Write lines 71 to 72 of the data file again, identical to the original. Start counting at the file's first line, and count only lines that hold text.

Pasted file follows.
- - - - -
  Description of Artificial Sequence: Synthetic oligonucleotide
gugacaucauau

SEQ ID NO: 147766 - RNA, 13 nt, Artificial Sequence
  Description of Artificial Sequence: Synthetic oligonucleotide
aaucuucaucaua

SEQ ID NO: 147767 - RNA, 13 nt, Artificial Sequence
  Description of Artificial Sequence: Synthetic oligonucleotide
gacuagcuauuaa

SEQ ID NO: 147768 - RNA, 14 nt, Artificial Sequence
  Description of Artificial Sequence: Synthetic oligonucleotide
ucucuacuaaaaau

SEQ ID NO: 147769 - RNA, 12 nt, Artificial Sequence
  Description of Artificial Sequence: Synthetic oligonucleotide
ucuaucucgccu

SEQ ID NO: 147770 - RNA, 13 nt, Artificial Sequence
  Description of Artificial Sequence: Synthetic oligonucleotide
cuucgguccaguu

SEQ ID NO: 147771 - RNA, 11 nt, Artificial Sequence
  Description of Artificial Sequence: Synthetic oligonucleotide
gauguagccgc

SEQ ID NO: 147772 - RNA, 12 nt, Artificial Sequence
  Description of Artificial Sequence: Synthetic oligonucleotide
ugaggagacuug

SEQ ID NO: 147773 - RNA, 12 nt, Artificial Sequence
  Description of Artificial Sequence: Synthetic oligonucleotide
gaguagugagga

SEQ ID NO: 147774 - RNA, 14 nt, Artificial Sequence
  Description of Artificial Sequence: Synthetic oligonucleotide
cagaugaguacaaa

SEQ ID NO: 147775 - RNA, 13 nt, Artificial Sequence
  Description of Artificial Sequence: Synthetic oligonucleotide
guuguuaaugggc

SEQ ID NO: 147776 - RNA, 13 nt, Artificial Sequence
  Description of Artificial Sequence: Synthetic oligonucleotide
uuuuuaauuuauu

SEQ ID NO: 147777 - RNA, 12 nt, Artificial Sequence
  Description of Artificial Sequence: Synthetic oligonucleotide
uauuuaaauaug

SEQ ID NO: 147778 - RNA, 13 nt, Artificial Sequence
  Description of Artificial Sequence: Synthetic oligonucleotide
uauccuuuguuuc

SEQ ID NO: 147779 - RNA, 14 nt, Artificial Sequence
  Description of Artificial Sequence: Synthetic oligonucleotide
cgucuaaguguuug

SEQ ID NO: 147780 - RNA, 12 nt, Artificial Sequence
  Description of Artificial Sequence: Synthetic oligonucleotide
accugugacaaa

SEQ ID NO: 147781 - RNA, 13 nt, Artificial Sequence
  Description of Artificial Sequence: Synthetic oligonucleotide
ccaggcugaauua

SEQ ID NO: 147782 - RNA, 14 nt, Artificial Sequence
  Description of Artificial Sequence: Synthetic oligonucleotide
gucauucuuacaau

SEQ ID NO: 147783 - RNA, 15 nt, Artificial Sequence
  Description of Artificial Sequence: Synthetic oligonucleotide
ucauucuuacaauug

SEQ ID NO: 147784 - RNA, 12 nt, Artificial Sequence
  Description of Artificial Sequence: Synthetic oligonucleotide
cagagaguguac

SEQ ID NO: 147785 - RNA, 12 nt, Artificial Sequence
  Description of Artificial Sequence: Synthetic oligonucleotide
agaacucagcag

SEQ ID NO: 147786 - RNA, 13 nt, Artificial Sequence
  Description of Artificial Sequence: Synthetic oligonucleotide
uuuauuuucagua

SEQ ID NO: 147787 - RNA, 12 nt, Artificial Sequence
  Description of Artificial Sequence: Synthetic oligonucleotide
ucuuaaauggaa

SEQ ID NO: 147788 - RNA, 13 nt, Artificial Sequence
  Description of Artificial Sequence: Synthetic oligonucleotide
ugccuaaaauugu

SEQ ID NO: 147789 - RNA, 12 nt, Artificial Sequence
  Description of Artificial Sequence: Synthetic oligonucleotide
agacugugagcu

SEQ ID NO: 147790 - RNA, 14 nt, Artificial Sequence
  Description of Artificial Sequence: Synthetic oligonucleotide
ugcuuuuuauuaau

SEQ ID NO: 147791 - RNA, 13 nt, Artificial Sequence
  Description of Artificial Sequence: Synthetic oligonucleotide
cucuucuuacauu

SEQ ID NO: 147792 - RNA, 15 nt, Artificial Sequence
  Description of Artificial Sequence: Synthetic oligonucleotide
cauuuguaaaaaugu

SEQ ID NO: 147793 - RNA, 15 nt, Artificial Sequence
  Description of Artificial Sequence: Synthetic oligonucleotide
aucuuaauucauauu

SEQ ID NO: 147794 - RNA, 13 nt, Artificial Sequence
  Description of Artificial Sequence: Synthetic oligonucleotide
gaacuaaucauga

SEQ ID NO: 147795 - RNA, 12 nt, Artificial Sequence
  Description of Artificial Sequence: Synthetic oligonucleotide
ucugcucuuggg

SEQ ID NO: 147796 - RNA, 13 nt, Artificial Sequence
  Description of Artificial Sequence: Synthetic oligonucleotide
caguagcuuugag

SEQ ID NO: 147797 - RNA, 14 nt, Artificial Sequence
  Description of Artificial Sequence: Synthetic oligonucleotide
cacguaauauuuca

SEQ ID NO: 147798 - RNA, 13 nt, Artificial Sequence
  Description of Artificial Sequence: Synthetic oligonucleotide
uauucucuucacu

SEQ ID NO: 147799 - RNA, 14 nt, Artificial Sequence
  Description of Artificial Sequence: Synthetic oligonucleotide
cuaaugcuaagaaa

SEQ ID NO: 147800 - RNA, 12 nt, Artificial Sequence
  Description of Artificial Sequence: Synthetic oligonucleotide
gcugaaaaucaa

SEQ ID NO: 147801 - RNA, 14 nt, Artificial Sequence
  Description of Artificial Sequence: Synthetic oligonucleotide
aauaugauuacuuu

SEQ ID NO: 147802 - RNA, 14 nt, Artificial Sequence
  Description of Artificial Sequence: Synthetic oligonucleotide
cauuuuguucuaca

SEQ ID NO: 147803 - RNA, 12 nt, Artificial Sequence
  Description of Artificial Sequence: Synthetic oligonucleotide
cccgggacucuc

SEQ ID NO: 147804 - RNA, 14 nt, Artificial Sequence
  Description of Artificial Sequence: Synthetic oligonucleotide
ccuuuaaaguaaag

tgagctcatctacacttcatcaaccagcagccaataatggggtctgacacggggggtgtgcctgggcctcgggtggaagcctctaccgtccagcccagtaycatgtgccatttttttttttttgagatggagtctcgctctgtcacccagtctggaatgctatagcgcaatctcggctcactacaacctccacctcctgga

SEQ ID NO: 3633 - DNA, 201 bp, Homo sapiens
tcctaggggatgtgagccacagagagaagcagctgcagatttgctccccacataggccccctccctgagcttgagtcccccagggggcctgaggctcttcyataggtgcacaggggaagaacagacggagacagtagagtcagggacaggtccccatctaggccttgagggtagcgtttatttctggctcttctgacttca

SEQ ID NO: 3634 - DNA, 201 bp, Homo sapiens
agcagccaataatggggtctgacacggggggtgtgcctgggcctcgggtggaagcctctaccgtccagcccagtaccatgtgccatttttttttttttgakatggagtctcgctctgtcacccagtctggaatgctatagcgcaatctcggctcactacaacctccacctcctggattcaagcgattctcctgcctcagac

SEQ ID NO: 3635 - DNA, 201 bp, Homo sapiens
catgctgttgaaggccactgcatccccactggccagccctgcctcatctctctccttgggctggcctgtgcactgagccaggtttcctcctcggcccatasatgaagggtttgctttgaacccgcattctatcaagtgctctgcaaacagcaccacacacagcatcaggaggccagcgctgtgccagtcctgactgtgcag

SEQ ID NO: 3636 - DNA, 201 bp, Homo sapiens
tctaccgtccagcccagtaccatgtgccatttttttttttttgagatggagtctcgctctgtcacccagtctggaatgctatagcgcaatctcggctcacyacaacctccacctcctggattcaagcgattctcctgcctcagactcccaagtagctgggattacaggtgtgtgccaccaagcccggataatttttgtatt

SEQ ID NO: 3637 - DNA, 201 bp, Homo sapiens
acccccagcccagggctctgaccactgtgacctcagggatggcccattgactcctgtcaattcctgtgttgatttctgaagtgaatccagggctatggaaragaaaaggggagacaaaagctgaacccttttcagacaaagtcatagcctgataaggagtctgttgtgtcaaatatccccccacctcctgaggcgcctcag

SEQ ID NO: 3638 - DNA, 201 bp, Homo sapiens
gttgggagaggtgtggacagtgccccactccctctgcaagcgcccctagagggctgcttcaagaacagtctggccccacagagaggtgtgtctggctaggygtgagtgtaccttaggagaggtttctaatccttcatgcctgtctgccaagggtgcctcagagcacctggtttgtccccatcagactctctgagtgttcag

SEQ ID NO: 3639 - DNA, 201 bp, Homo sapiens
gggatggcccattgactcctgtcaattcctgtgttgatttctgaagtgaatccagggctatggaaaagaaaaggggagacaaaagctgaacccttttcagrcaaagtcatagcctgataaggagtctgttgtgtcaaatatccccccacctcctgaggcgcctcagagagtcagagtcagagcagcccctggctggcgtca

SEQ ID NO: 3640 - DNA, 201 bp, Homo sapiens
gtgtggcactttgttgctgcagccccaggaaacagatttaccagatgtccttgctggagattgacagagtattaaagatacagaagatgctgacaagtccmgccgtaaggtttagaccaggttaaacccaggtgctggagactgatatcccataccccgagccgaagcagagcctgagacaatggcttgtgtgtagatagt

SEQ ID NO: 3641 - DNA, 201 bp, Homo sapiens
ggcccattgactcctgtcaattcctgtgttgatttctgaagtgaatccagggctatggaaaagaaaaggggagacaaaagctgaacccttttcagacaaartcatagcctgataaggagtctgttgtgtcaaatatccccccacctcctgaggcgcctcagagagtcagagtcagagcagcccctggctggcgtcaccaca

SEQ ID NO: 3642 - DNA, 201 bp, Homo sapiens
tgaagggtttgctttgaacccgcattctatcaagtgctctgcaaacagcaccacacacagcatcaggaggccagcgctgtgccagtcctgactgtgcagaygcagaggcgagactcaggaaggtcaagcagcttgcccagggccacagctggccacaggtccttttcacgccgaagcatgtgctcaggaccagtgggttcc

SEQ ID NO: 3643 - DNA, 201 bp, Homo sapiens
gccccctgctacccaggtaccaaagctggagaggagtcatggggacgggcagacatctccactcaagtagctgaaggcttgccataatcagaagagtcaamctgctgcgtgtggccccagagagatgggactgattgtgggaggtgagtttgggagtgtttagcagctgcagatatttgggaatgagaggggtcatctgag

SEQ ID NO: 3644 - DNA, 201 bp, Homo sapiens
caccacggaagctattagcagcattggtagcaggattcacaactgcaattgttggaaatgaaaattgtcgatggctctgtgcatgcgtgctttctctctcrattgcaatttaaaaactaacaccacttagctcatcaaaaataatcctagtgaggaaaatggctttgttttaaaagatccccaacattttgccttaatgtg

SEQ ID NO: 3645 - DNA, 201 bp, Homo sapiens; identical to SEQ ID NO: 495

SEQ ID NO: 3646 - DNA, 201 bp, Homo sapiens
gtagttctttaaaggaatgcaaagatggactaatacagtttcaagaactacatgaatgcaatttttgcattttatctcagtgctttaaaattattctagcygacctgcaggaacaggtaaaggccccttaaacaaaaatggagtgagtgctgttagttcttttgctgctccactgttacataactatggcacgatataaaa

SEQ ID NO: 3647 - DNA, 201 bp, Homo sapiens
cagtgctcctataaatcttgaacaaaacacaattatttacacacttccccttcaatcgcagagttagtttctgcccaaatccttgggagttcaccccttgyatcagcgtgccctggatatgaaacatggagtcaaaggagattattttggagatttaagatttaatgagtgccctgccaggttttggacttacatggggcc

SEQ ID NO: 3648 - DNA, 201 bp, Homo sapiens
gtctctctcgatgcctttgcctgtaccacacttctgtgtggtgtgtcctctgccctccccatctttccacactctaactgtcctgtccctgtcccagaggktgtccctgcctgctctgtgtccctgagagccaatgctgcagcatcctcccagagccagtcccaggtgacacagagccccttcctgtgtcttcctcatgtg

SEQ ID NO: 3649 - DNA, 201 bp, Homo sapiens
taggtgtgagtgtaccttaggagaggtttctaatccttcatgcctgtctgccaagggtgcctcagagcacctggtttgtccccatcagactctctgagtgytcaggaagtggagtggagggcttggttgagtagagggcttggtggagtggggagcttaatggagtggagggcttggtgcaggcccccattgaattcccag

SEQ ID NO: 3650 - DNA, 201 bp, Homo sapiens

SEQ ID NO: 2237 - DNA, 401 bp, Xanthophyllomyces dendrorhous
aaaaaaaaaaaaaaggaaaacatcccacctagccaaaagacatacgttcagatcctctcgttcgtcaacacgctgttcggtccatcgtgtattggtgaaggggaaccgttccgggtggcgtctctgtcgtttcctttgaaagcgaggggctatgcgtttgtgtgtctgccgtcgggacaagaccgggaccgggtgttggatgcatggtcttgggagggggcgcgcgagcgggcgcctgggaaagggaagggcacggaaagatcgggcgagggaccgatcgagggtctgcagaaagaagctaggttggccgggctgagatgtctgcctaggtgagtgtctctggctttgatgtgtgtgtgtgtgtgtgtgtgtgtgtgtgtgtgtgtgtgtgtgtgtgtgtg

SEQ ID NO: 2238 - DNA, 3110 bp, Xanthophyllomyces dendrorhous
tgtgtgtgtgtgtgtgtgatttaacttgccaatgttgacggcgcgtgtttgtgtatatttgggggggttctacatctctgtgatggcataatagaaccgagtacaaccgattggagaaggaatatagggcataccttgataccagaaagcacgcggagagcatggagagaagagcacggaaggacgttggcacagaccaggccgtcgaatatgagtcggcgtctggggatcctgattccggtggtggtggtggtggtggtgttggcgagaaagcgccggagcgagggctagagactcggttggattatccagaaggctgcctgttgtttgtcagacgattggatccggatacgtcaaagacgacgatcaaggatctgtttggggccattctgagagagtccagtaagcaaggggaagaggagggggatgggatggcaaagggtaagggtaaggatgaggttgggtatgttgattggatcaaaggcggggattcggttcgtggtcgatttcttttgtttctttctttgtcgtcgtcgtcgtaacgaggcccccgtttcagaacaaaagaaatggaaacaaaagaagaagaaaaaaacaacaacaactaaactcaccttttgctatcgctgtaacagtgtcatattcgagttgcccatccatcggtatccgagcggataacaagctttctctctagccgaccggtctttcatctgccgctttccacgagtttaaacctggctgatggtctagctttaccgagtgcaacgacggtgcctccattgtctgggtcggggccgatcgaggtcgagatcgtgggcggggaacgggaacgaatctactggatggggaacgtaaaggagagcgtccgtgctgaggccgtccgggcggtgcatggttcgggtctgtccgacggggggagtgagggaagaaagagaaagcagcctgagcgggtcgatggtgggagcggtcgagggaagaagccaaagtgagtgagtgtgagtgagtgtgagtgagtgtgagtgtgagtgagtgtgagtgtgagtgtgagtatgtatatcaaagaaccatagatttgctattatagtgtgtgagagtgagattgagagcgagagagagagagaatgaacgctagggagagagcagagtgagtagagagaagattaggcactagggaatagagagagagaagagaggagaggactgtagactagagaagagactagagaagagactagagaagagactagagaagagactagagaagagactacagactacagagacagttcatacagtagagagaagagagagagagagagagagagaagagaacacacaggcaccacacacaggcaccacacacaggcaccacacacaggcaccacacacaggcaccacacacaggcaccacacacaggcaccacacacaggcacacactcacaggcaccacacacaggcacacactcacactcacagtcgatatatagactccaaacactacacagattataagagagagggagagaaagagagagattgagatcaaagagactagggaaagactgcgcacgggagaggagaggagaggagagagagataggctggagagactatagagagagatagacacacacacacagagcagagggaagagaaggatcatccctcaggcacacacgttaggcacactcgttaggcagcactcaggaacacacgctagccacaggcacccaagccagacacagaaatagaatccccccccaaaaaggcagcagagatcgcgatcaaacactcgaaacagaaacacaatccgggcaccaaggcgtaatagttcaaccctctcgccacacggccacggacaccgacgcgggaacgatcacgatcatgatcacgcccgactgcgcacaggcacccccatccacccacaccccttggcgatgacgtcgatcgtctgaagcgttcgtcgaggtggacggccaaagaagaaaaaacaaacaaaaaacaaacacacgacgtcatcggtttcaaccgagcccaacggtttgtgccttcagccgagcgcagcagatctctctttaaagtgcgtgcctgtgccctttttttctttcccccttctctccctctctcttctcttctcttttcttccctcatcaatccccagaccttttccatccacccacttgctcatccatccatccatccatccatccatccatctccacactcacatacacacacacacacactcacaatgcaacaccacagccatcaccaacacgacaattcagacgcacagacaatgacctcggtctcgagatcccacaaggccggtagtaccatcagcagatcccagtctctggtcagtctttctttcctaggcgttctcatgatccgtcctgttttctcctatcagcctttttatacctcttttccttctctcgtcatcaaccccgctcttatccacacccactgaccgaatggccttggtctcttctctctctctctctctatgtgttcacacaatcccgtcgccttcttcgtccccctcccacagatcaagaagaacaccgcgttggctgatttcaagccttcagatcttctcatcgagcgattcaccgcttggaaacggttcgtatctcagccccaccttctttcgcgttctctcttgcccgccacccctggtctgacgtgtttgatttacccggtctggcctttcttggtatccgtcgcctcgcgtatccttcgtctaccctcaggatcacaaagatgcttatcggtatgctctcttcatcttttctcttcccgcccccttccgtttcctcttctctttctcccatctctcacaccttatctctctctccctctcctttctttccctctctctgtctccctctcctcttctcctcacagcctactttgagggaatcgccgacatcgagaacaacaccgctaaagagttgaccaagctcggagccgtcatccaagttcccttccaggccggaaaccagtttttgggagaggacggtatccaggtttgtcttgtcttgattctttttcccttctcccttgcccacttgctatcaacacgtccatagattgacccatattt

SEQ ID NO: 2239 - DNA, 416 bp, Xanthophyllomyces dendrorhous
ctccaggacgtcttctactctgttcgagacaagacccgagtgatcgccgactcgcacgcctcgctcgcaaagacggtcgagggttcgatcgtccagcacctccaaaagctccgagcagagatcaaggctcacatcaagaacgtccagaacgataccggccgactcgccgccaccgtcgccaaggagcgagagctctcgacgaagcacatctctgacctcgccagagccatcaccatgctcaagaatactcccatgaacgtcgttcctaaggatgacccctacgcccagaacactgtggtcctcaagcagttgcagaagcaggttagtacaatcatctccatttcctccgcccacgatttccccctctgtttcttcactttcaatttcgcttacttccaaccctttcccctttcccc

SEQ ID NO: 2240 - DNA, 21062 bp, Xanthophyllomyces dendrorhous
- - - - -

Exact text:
ugccuaaaauugu

SEQ ID NO: 147789 - RNA, 12 nt, Artificial Sequence